The bill reads like a tax break for foreign dignitaries and the wealthy. But proponents of House Bill 1707 say the state won't lose money if the legislation is approved. Private jet owners are flying their aircraft for work out of state to avoid steep taxes associated with modifying airplanes here.
Companies like Everett's Aviation Technical Services at Paine Field are "losing a lot of work to other states and other countries," said Alex Pietsch, director of the governor's office of aerospace.
HB 1707 would eliminate the 6.5 percent sales and use tax for delivery and modifications to private, large jets. It would also exempt large aircraft that are in storage from property tax, possibly creating a boon for companies that provide storage.
The Aerospace Futures Alliance (AFA), an industry-based lobbying group, suggests that 1,195 new aerospace jobs could be created in the state by passing HB 1707. The legislation was included in Gov. Jay Inslee's budget, which he released Thursday.
"It's one that I think has a demonstrative impact on job creation," Inslee said last week. "You get a bang for the buck."
The legislation isn't expected to cost the state any tax revenue but could drum up business for local aerospace companies.
"The state isn't getting the taxes anyway," Pietsch said. "Private owners are just flying their planes elsewhere for the work."
The installation of lavish interiors -- bedroom suites, theaters, showers and conference rooms -- on private jets can require more than a year to complete, depending on the aircraft size and interior configuration. For example, Boeing delivered the first 747-8 passenger plane in early 2012 to a private Qatar-based customer, who flew the aircraft to Wichita, Kan., to install the interior. That job was expected to last two years. Texas is another state where such work is done under a reduced tax burden.
That interior includes an elevator, called an Aerolift that allows passengers to be taken from the ground to the aircraft's main cabin. It's designed by Kirkland-based Greenpoint Technologies. Nima Seyedall, director-legal for Greenpoint, told lawmakers at an aerospace event Wednesday that the company does work out of state that it could do in Washington if the bill is passed.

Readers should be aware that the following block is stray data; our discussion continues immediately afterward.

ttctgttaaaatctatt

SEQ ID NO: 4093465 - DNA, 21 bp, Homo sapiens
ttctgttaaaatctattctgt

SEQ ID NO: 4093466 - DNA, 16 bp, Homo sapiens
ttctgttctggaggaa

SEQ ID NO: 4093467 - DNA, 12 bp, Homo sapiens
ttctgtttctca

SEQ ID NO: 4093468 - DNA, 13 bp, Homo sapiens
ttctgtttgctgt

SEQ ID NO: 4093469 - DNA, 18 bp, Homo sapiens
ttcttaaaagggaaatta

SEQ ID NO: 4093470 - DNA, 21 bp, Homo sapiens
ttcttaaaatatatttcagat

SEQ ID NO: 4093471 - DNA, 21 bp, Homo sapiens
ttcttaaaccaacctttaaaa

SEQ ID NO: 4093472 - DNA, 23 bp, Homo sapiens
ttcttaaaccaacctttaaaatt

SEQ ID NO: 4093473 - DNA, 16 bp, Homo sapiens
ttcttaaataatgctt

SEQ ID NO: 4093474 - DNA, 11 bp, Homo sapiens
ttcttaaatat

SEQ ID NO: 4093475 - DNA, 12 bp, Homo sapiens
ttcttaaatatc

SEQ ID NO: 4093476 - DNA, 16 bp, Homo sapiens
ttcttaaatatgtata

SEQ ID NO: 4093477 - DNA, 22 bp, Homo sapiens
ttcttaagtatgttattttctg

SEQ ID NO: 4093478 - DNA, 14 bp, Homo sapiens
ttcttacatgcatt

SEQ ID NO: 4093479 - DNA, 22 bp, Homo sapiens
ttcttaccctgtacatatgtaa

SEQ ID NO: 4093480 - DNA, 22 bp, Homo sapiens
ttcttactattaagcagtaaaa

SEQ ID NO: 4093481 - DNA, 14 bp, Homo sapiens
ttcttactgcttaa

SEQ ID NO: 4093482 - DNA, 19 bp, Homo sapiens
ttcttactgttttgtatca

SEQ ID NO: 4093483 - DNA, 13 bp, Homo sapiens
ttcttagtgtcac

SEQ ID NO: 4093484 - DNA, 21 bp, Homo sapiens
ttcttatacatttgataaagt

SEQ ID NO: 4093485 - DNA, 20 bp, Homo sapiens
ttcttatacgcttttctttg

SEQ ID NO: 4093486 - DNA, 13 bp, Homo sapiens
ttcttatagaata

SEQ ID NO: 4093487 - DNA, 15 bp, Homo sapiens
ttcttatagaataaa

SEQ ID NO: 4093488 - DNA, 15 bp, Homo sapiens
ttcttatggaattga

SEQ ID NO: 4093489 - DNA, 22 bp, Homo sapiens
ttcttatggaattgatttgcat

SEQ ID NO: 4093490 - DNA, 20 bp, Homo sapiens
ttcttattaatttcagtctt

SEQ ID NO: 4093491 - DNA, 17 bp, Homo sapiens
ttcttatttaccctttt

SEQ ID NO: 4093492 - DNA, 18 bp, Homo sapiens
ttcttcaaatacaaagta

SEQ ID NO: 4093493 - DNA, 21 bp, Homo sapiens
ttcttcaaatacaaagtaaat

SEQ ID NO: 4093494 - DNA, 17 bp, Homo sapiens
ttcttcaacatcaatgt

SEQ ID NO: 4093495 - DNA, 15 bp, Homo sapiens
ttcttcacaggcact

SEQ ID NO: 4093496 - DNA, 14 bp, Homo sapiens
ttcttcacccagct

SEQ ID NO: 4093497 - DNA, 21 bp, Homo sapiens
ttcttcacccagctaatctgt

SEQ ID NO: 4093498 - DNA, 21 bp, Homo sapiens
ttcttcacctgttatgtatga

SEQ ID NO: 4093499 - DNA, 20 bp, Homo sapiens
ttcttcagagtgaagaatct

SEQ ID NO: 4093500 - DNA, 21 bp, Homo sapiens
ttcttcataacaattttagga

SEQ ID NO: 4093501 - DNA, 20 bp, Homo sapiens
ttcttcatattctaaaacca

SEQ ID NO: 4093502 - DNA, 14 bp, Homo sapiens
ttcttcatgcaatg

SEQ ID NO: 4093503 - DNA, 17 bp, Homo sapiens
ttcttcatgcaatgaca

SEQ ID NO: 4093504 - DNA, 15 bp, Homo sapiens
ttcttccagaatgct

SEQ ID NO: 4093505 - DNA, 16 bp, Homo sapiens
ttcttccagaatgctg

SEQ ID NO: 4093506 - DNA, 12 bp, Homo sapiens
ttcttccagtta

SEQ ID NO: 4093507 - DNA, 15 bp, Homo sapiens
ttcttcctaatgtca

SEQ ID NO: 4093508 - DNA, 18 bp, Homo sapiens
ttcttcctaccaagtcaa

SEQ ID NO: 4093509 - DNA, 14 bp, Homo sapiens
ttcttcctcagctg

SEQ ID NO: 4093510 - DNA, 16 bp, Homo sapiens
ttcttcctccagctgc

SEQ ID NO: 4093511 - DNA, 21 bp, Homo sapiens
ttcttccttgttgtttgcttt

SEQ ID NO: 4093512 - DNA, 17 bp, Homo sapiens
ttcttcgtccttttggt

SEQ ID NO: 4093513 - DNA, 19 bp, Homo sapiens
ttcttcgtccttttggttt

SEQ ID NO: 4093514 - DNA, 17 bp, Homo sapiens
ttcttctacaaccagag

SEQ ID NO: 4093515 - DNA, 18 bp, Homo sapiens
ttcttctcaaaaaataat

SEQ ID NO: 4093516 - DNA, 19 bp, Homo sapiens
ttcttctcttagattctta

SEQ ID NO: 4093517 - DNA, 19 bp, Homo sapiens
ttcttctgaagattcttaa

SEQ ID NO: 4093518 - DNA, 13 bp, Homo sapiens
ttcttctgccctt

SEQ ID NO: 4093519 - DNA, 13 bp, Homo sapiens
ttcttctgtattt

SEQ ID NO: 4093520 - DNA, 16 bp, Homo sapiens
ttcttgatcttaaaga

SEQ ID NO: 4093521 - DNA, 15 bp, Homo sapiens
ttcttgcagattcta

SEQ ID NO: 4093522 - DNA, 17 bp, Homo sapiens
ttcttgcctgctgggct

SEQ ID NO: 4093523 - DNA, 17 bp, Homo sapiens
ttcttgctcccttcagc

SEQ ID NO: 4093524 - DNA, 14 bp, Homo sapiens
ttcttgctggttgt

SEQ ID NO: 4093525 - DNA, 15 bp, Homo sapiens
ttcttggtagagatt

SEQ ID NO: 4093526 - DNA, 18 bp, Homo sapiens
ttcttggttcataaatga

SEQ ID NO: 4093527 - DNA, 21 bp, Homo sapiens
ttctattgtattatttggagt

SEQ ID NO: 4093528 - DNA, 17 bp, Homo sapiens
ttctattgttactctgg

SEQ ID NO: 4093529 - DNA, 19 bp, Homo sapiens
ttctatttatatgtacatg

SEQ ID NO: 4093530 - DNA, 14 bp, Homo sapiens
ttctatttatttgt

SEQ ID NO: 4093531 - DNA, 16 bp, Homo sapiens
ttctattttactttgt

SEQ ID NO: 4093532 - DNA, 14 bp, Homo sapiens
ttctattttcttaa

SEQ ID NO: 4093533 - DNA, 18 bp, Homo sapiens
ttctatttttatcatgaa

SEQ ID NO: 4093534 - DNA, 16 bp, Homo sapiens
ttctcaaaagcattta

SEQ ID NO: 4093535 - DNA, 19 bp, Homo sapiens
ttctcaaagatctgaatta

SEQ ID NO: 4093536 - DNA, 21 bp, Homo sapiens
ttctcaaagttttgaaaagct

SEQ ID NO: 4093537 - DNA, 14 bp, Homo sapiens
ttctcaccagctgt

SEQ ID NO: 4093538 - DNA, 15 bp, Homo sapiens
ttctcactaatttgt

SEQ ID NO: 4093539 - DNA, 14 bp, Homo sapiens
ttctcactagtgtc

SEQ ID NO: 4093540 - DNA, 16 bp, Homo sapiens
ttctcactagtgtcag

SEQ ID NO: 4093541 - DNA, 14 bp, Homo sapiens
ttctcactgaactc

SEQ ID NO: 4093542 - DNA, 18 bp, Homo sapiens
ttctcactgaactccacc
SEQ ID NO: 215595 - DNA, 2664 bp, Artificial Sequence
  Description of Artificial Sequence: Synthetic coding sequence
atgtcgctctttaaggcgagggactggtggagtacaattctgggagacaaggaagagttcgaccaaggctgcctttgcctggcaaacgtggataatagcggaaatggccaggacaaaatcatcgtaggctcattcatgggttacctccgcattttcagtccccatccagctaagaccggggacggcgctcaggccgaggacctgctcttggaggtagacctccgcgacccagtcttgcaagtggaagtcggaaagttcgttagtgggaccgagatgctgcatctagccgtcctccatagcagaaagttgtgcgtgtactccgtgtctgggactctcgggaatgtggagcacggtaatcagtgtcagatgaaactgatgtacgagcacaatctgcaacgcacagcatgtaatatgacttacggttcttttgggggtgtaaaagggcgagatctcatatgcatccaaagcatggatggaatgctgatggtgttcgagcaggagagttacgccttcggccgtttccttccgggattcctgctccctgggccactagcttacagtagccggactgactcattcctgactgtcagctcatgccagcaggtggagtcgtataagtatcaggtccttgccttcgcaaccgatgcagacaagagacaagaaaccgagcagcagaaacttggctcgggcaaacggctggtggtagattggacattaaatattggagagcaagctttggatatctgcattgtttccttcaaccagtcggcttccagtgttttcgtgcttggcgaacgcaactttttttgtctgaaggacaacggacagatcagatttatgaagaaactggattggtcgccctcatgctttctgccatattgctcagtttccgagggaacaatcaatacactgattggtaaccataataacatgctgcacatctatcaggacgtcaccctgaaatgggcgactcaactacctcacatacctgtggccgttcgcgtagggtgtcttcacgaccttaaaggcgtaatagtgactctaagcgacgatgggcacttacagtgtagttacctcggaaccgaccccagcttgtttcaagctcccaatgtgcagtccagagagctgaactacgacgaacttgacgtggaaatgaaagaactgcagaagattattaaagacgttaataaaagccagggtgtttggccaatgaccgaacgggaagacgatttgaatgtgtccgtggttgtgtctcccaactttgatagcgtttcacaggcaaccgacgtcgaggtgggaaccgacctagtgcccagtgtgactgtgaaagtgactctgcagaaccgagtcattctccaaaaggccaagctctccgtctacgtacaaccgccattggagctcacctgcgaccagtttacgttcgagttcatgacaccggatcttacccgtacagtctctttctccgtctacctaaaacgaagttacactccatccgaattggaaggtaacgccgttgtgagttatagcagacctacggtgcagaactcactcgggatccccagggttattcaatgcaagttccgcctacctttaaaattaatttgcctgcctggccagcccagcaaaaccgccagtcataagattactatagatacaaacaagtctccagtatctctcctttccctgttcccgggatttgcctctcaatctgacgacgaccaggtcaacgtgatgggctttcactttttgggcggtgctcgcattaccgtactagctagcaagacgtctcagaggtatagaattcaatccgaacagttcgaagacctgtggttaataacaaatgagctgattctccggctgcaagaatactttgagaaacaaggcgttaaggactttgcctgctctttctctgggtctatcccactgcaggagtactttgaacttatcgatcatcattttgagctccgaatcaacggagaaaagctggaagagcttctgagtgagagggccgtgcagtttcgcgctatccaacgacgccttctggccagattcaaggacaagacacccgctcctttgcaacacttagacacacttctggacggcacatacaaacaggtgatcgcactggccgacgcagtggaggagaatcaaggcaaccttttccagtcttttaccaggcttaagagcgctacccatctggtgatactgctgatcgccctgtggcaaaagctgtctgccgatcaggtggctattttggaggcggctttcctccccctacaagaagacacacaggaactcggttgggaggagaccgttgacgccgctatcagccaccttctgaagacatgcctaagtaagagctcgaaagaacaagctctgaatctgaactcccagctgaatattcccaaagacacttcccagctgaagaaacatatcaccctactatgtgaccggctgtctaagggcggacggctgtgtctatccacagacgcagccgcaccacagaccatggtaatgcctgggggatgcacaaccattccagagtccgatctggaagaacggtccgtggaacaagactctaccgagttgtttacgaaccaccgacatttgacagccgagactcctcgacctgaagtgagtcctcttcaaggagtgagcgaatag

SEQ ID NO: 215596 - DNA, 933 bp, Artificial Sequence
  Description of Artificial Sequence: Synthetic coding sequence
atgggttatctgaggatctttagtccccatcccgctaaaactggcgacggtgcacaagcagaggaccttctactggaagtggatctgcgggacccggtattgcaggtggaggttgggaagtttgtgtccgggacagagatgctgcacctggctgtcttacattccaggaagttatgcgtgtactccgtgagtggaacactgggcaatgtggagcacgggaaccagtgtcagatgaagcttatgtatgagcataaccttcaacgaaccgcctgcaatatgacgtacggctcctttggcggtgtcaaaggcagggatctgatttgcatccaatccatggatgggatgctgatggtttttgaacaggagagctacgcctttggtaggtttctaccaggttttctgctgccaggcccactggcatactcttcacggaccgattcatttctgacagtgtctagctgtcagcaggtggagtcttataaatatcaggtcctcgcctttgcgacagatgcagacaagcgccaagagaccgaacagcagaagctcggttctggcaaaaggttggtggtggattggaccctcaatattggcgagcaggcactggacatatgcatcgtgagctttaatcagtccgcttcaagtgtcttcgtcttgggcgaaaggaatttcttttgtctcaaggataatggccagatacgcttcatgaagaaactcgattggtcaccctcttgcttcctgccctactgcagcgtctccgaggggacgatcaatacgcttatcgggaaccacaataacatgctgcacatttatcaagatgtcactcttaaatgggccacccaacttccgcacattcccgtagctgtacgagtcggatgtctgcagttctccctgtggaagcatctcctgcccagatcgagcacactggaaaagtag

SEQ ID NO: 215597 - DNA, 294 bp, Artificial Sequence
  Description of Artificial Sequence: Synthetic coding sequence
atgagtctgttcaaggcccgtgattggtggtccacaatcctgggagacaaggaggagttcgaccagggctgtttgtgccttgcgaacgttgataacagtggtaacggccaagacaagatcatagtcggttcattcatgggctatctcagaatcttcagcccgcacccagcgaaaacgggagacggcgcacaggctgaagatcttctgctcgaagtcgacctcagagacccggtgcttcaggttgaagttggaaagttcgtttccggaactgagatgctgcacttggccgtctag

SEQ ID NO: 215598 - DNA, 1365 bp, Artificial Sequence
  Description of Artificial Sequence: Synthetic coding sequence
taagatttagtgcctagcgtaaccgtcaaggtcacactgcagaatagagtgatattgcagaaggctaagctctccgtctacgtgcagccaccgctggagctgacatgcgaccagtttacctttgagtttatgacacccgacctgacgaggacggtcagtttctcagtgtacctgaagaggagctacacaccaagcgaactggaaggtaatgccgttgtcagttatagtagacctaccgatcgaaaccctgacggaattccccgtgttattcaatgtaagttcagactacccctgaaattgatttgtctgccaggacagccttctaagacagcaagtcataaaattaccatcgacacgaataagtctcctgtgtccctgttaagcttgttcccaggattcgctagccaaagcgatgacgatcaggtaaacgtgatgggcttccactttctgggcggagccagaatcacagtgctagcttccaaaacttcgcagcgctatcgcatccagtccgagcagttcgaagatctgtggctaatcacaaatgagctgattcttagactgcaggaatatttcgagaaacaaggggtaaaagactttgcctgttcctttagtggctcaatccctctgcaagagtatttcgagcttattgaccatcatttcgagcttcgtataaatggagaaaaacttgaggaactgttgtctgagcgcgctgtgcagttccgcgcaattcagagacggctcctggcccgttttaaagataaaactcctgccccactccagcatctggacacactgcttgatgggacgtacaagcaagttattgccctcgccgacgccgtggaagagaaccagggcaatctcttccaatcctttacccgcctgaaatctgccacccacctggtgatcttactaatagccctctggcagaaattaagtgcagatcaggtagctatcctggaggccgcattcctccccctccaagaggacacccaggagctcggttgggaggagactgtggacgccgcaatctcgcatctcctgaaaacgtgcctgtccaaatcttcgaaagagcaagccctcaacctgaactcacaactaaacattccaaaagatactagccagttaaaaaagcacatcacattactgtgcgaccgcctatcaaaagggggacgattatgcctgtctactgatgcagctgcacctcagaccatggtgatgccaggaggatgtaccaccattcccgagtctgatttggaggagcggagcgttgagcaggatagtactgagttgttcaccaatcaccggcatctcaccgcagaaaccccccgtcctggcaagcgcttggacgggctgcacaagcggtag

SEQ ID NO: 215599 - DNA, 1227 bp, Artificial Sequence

AFA estimates that many 747-8 projects for private customers could employ 70 people per airplane for up to 18 months. The interest group says there could be as many as five such 747 projects each year, employing as many as 350 people.
Boeing also is selling 787s to business and VIP customers. And private customers also sometimes upgrade older aircraft with VIP interiors. The bill would apply to those projects, as well.
Aviation Technical Services, like Greenpoint, would benefit if HB 1707 is enacted. The maintenance, repair and overhaul company employs 1,000 workers at Paine Field. On Friday, ATS celebrated the opening of a new site in Moses Lake.
"Several of our customers have shown interest in our plans to grow," Bret Burnside, ATS's chief operating officer, said in a statement. "We're excited about offering maintenance in Eastern Washington to the right mix of customers and projects."
The legislation has the support of House Speaker Frank Chopp, D-Seattle. At an aerospace event in Olympia on Wednesday, Chopp expressed some skepticism over whether the bill would pass, pointing out that there are members who are reticent to approve new tax breaks. With this one, he said, there is a "perception problem" of what it does and who it serves.
Sen. Janea Holmquist Newbry, R-Moses Lake, is very supportive and said it "would come in really handy in Moses Lake," where there are businesses which could do the work and warehouses where it can be done. She said the tax break "has a nexus with job creation," which should help sell undecided members.
Herald reporter Jerry Cornfield contributed to this report.
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